- What actions can they take to be in better relationship with their creativity?
Let’s break it down
Let’s take these one at a time and ask the questions. I invite you to explore your answers along the way.
1. What is your relationship with your creativity?
To explore this in a meaningful way, I invite you to meditate, free write, or talk it out with a trusted and safe friend.
You may notice as you ask yourself this question that you don’t have a relationship with your creativity. Or that you’ve never conceptualized your creativity as its own force. Or maybe you have and that’s awesome.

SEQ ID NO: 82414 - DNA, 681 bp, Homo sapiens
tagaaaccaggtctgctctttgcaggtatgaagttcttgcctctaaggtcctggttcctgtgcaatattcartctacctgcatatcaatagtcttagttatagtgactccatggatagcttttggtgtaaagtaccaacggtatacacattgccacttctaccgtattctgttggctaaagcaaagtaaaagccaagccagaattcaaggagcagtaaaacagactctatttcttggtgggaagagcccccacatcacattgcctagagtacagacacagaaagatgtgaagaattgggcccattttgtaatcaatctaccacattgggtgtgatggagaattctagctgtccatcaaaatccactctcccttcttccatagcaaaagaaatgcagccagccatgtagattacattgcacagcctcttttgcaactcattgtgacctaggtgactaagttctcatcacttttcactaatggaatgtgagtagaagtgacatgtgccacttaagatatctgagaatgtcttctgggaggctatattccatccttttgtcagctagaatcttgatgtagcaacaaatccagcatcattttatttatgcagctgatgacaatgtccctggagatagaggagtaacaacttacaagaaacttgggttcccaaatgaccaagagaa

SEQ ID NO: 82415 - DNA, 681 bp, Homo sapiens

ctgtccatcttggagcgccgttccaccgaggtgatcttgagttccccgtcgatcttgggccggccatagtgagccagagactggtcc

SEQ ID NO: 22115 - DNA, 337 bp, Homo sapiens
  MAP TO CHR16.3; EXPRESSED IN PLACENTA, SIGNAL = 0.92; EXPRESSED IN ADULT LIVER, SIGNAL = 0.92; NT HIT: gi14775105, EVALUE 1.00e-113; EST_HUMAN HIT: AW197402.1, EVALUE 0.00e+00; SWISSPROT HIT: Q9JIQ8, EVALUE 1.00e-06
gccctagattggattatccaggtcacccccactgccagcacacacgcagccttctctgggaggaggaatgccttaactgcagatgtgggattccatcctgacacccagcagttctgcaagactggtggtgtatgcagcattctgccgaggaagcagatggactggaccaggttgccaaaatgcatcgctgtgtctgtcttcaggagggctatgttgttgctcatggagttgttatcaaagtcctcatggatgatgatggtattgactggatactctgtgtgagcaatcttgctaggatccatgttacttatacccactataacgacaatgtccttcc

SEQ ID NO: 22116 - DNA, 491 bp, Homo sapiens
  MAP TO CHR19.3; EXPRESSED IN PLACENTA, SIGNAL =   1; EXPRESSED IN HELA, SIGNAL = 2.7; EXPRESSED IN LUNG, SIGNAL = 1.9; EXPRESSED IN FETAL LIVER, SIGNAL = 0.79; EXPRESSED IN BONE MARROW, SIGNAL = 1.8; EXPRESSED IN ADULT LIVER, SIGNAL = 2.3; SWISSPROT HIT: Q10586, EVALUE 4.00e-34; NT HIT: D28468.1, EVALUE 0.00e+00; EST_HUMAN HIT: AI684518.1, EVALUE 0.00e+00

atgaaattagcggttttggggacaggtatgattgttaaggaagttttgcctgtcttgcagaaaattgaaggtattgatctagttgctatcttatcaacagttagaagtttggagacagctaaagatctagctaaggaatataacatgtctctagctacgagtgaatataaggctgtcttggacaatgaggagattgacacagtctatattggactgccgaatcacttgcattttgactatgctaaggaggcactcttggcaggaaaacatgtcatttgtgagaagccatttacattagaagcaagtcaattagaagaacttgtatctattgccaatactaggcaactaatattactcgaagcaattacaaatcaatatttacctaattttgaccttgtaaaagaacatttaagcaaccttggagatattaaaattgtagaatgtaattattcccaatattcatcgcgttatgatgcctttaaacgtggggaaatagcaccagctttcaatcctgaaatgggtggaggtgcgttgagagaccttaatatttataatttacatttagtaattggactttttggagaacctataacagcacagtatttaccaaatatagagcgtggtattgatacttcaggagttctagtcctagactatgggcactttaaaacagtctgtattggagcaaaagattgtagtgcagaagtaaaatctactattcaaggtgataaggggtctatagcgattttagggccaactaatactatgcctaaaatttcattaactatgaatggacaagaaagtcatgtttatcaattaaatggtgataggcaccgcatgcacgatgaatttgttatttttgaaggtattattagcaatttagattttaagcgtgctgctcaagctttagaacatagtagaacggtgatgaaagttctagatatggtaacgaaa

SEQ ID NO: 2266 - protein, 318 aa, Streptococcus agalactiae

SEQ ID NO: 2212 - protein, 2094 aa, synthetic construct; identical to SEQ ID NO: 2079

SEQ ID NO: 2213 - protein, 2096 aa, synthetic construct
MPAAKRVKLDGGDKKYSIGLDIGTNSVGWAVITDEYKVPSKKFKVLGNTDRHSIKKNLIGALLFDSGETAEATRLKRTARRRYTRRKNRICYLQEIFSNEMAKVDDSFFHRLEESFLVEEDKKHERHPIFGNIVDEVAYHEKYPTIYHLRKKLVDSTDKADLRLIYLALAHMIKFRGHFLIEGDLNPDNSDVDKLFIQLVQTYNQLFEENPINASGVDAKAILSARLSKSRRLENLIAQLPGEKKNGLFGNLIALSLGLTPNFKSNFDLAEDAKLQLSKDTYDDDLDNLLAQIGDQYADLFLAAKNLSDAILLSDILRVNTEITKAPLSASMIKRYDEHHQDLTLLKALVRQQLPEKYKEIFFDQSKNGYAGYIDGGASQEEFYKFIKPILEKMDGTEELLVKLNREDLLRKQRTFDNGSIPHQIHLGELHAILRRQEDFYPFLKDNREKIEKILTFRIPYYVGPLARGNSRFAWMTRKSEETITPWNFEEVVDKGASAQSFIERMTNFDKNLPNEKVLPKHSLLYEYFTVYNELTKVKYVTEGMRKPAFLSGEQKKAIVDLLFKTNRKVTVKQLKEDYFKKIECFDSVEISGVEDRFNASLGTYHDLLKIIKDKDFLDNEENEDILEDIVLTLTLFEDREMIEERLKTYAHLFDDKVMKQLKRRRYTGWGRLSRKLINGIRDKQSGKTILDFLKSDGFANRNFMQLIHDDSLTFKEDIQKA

I believe our creativity is a force, definitely a part of us, but also a separate entity. While our creative work comes through us and we write the stories down, we aren’t the originator. I think creativity comes from the Unknown/Divine/That Which Brings Life.
We are all conduits for life, but we actually don’t create the spark; we only channel, shape, mold, and catalyze it into form. That in itself is pretty powerful stuff.
Imagine your Creativity is an entity sitting in front of you. Introduce yourself to it. Find out about it as you would a new stranger who is becoming a friend. Or as you would with an old friend. Ask, “Hi, how are you?” And then listen to the answer. Record the reply.
What do you discover about your Creativity? What can you share with it? What do you feel comfortable sharing with it? How would you characterize the relationship is it currently is?
2. What would you like your relationship to be like with Creativity?